A Brief Thought on Suffering

I woke up early Friday morning to the news that five Dallas police officers had been murdered, and I immediately started frantically texting the cops who are part of my church to see if they were safe.  When the first response came back–“I am here on the scene, but I am okay”–I was overwhelmed with gratitude. And then I felt guilty that I felt grateful, because the fact that my friends were safe necessarily meant that someone else’s weren’t.  But that’s the way it always is, isn’t it?  We are all so nearsighted when it comes to suffering.

[Dallas Police Chief David Brown (source: Mark Mulligan/Houston Chronicle via AP)]

Please note: I reserve the right to delete comments that are offensive or off-topic.

Leave a Reply

Your email address will not be published. Required fields are marked *

2 thoughts on “A Brief Thought on Suffering

  1. It seems like we are myopic with everything in life that is beyond our control (I know I am). When things “happen to us”, we default to a short-sighted view – how does this affect me now? We instinctively reject change and fear uncertainty; probably because we are wired to rely on God, but instead choose to rely on ourselves.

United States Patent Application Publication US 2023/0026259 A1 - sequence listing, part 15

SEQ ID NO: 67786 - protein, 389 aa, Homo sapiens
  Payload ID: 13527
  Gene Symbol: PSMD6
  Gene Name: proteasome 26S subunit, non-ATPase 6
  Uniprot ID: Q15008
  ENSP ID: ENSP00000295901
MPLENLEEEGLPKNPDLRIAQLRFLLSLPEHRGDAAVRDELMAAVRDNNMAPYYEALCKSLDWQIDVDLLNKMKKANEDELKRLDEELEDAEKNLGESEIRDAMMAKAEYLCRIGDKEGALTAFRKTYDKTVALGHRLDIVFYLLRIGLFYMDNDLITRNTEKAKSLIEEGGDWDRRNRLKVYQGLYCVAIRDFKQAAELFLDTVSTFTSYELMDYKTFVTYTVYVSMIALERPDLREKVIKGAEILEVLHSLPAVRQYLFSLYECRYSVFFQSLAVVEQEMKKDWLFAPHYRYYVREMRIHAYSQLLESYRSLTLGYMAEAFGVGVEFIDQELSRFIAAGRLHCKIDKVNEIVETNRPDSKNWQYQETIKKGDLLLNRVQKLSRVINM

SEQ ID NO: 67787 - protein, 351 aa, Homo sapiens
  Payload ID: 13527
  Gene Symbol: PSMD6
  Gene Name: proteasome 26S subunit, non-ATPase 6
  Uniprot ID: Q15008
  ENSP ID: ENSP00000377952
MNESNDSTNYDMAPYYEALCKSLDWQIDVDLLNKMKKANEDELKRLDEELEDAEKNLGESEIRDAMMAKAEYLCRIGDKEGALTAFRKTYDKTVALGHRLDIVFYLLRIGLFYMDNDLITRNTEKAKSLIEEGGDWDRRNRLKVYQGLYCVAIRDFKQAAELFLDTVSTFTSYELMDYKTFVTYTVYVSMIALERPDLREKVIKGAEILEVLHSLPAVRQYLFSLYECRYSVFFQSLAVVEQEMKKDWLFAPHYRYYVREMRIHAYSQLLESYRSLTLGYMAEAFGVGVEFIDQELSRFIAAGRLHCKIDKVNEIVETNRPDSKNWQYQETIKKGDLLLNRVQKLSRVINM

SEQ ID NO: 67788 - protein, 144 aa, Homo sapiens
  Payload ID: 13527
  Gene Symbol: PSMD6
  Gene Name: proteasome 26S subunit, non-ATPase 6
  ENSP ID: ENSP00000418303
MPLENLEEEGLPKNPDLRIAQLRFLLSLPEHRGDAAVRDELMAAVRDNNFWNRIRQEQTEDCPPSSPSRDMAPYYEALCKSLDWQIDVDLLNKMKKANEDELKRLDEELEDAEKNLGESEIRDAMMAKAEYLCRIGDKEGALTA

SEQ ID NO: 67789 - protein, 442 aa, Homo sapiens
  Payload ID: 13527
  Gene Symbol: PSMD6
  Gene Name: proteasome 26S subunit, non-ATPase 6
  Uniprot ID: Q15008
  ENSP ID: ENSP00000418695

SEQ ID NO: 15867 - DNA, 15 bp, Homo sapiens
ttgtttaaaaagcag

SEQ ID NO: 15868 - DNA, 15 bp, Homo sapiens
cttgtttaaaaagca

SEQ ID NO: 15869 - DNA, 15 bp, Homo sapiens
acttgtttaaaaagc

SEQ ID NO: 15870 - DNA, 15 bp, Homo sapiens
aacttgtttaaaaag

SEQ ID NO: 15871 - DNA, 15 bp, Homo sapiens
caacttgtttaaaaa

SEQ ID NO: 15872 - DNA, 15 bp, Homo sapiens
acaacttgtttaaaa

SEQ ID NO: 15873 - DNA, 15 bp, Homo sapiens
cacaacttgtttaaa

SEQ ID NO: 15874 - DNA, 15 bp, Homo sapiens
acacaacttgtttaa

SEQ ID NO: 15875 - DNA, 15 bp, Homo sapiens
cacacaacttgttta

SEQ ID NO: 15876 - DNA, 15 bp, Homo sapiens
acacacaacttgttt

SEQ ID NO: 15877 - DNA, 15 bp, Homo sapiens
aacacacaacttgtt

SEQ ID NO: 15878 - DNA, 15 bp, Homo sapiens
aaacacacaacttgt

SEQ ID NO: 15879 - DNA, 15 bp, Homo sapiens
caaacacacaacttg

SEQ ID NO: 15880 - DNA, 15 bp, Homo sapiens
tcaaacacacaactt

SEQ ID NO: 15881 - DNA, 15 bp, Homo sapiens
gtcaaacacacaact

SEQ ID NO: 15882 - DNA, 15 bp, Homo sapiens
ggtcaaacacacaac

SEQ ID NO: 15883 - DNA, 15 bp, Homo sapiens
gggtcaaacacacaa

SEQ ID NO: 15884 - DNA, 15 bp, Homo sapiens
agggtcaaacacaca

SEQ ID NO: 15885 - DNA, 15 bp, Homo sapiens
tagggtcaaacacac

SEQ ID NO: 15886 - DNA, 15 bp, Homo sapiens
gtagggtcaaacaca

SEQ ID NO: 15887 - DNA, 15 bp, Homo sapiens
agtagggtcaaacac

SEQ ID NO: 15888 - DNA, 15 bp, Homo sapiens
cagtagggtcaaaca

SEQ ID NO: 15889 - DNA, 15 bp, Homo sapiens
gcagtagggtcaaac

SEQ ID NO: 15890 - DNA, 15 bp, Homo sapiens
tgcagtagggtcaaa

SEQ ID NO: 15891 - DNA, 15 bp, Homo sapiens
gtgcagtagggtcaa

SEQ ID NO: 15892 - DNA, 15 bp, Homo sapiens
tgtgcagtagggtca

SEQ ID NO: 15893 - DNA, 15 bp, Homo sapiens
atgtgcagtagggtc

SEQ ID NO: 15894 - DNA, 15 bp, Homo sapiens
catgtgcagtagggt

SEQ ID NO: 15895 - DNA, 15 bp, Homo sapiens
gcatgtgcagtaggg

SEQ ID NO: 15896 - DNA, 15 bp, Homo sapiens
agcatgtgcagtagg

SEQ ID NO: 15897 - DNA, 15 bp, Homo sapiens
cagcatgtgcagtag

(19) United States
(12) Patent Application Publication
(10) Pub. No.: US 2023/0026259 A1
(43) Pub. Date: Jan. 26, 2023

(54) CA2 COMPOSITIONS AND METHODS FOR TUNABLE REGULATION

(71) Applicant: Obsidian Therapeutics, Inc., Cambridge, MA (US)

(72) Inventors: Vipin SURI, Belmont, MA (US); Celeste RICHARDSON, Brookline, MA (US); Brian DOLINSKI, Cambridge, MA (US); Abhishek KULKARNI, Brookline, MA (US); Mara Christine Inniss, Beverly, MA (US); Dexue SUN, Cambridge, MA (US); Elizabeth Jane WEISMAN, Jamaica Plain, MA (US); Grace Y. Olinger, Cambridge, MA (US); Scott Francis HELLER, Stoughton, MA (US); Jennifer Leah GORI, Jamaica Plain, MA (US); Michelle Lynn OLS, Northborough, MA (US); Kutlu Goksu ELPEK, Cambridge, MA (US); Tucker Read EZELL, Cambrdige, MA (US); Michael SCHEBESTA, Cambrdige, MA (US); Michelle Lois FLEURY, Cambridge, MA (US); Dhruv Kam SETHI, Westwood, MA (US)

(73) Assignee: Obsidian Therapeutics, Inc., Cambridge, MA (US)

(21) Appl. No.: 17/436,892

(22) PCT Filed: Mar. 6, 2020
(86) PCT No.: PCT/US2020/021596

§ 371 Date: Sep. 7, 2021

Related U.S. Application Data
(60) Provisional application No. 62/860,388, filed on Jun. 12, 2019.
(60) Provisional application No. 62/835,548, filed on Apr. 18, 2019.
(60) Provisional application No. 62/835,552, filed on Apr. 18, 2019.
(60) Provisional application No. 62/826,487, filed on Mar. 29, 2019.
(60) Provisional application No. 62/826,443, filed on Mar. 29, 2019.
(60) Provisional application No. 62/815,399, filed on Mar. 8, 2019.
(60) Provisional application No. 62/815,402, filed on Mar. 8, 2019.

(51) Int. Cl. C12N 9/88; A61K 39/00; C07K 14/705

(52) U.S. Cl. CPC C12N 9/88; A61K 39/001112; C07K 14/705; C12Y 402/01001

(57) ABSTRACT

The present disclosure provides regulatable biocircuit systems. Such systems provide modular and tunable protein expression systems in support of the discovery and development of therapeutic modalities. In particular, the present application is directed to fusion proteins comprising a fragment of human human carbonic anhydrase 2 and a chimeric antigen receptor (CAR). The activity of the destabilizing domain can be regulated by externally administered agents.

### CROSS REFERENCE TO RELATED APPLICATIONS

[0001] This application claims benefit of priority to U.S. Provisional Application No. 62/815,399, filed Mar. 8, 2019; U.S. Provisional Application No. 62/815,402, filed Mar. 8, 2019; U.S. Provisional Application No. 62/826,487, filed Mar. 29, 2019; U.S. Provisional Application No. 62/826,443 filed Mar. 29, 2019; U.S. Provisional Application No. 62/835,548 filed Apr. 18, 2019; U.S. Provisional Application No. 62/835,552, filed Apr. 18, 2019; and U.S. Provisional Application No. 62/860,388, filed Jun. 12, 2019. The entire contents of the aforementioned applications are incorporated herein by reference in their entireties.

I wonder if a similar viewpoint sometimes leads us toward tragedy and suffering? Culprits of riots, mass shootings, and terrorism more and more seem to be protesting their own lot in life rather than following any sort of coherent ideal.

    • I think you are on to something. It seems to me that most of these mass shooter types are loners and losers who then use the language and excuse of some greater ideological cause as an excuse to kill.